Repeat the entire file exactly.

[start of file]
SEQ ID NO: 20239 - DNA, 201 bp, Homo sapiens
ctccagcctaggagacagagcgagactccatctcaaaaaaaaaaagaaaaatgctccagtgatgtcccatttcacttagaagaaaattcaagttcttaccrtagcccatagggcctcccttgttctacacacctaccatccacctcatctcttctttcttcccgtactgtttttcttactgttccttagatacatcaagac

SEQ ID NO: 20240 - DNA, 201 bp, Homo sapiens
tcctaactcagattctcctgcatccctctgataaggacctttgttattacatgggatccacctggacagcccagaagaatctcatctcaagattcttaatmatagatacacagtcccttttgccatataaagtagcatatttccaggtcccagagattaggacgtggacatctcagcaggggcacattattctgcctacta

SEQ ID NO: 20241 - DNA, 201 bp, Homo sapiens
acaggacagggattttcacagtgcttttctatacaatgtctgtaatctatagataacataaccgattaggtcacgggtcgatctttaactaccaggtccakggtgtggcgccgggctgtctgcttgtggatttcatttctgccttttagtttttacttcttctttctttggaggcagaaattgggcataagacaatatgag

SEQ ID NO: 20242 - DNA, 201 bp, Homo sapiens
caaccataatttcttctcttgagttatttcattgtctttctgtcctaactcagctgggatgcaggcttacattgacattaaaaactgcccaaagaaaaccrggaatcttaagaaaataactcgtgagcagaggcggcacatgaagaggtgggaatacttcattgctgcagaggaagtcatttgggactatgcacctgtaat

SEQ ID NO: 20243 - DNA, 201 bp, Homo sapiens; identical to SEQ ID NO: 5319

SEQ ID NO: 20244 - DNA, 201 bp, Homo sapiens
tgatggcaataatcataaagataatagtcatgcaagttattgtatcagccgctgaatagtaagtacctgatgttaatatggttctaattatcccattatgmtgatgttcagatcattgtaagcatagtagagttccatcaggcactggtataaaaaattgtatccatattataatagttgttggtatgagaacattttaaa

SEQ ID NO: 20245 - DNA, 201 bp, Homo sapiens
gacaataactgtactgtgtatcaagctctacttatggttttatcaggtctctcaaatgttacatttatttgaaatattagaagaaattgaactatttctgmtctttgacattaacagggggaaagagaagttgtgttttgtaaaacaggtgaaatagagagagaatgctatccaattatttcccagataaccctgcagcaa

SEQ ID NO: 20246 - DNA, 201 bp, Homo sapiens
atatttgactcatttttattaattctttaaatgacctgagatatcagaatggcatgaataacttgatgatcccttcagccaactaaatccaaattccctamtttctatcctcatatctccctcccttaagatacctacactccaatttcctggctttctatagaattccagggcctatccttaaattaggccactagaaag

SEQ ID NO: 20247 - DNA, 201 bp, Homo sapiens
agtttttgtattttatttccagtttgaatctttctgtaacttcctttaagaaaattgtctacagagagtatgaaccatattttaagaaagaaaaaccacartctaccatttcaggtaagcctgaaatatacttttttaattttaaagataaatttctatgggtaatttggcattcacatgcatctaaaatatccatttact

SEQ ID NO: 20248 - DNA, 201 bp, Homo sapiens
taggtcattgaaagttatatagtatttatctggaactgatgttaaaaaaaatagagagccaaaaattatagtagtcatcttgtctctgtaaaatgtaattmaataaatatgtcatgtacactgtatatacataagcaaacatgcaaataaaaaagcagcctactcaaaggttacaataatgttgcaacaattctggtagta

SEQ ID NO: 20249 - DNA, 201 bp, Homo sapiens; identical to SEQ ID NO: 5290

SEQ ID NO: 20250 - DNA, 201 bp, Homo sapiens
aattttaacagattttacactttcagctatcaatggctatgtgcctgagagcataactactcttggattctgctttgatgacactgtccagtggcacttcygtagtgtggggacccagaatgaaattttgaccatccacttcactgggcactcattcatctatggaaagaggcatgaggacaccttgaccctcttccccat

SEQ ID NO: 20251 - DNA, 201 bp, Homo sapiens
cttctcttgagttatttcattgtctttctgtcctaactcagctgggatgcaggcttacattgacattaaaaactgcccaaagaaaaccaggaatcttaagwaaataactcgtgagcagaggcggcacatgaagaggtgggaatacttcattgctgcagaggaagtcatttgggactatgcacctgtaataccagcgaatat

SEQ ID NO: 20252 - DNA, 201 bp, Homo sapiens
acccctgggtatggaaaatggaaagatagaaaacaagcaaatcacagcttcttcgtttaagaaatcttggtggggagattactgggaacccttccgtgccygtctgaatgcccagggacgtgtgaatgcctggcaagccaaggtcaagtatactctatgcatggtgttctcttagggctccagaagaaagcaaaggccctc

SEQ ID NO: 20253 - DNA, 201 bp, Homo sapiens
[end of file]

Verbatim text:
SEQ ID NO: 20239 - DNA, 201 bp, Homo sapiens
ctccagcctaggagacagagcgagactccatctcaaaaaaaaaaagaaaaatgctccagtgatgtcccatttcacttagaagaaaattcaagttcttaccrtagcccatagggcctcccttgttctacacacctaccatccacctcatctcttctttcttcccgtactgtttttcttactgttccttagatacatcaagac

SEQ ID NO: 20240 - DNA, 201 bp, Homo sapiens
tcctaactcagattctcctgcatccctctgataaggacctttgttattacatgggatccacctggacagcccagaagaatctcatctcaagattcttaatmatagatacacagtcccttttgccatataaagtagcatatttccaggtcccagagattaggacgtggacatctcagcaggggcacattattctgcctacta

SEQ ID NO: 20241 - DNA, 201 bp, Homo sapiens
acaggacagggattttcacagtgcttttctatacaatgtctgtaatctatagataacataaccgattaggtcacgggtcgatctttaactaccaggtccakggtgtggcgccgggctgtctgcttgtggatttcatttctgccttttagtttttacttcttctttctttggaggcagaaattgggcataagacaatatgag

SEQ ID NO: 20242 - DNA, 201 bp, Homo sapiens
caaccataatttcttctcttgagttatttcattgtctttctgtcctaactcagctgggatgcaggcttacattgacattaaaaactgcccaaagaaaaccrggaatcttaagaaaataactcgtgagcagaggcggcacatgaagaggtgggaatacttcattgctgcagaggaagtcatttgggactatgcacctgtaat

SEQ ID NO: 20243 - DNA, 201 bp, Homo sapiens; identical to SEQ ID NO: 5319

SEQ ID NO: 20244 - DNA, 201 bp, Homo sapiens
tgatggcaataatcataaagataatagtcatgcaagttattgtatcagccgctgaatagtaagtacctgatgttaatatggttctaattatcccattatgmtgatgttcagatcattgtaagcatagtagagttccatcaggcactggtataaaaaattgtatccatattataatagttgttggtatgagaacattttaaa

SEQ ID NO: 20245 - DNA, 201 bp, Homo sapiens
gacaataactgtactgtgtatcaagctctacttatggttttatcaggtctctcaaatgttacatttatttgaaatattagaagaaattgaactatttctgmtctttgacattaacagggggaaagagaagttgtgttttgtaaaacaggtgaaatagagagagaatgctatccaattatttcccagataaccctgcagcaa

SEQ ID NO: 20246 - DNA, 201 bp, Homo sapiens
atatttgactcatttttattaattctttaaatgacctgagatatcagaatggcatgaataacttgatgatcccttcagccaactaaatccaaattccctamtttctatcctcatatctccctcccttaagatacctacactccaatttcctggctttctatagaattccagggcctatccttaaattaggccactagaaag

SEQ ID NO: 20247 - DNA, 201 bp, Homo sapiens
agtttttgtattttatttccagtttgaatctttctgtaacttcctttaagaaaattgtctacagagagtatgaaccatattttaagaaagaaaaaccacartctaccatttcaggtaagcctgaaatatacttttttaattttaaagataaatttctatgggtaatttggcattcacatgcatctaaaatatccatttact

SEQ ID NO: 20248 - DNA, 201 bp, Homo sapiens
taggtcattgaaagttatatagtatttatctggaactgatgttaaaaaaaatagagagccaaaaattatagtagtcatcttgtctctgtaaaatgtaattmaataaatatgtcatgtacactgtatatacataagcaaacatgcaaataaaaaagcagcctactcaaaggttacaataatgttgcaacaattctggtagta

SEQ ID NO: 20249 - DNA, 201 bp, Homo sapiens; identical to SEQ ID NO: 5290

SEQ ID NO: 20250 - DNA, 201 bp, Homo sapiens
aattttaacagattttacactttcagctatcaatggctatgtgcctgagagcataactactcttggattctgctttgatgacactgtccagtggcacttcygtagtgtggggacccagaatgaaattttgaccatccacttcactgggcactcattcatctatggaaagaggcatgaggacaccttgaccctcttccccat

SEQ ID NO: 20251 - DNA, 201 bp, Homo sapiens
cttctcttgagttatttcattgtctttctgtcctaactcagctgggatgcaggcttacattgacattaaaaactgcccaaagaaaaccaggaatcttaagwaaataactcgtgagcagaggcggcacatgaagaggtgggaatacttcattgctgcagaggaagtcatttgggactatgcacctgtaataccagcgaatat

SEQ ID NO: 20252 - DNA, 201 bp, Homo sapiens
acccctgggtatggaaaatggaaagatagaaaacaagcaaatcacagcttcttcgtttaagaaatcttggtggggagattactgggaacccttccgtgccygtctgaatgcccagggacgtgtgaatgcctggcaagccaaggtcaagtatactctatgcatggtgttctcttagggctccagaagaaagcaaaggccctc

SEQ ID NO: 20253 - DNA, 201 bp, Homo sapiens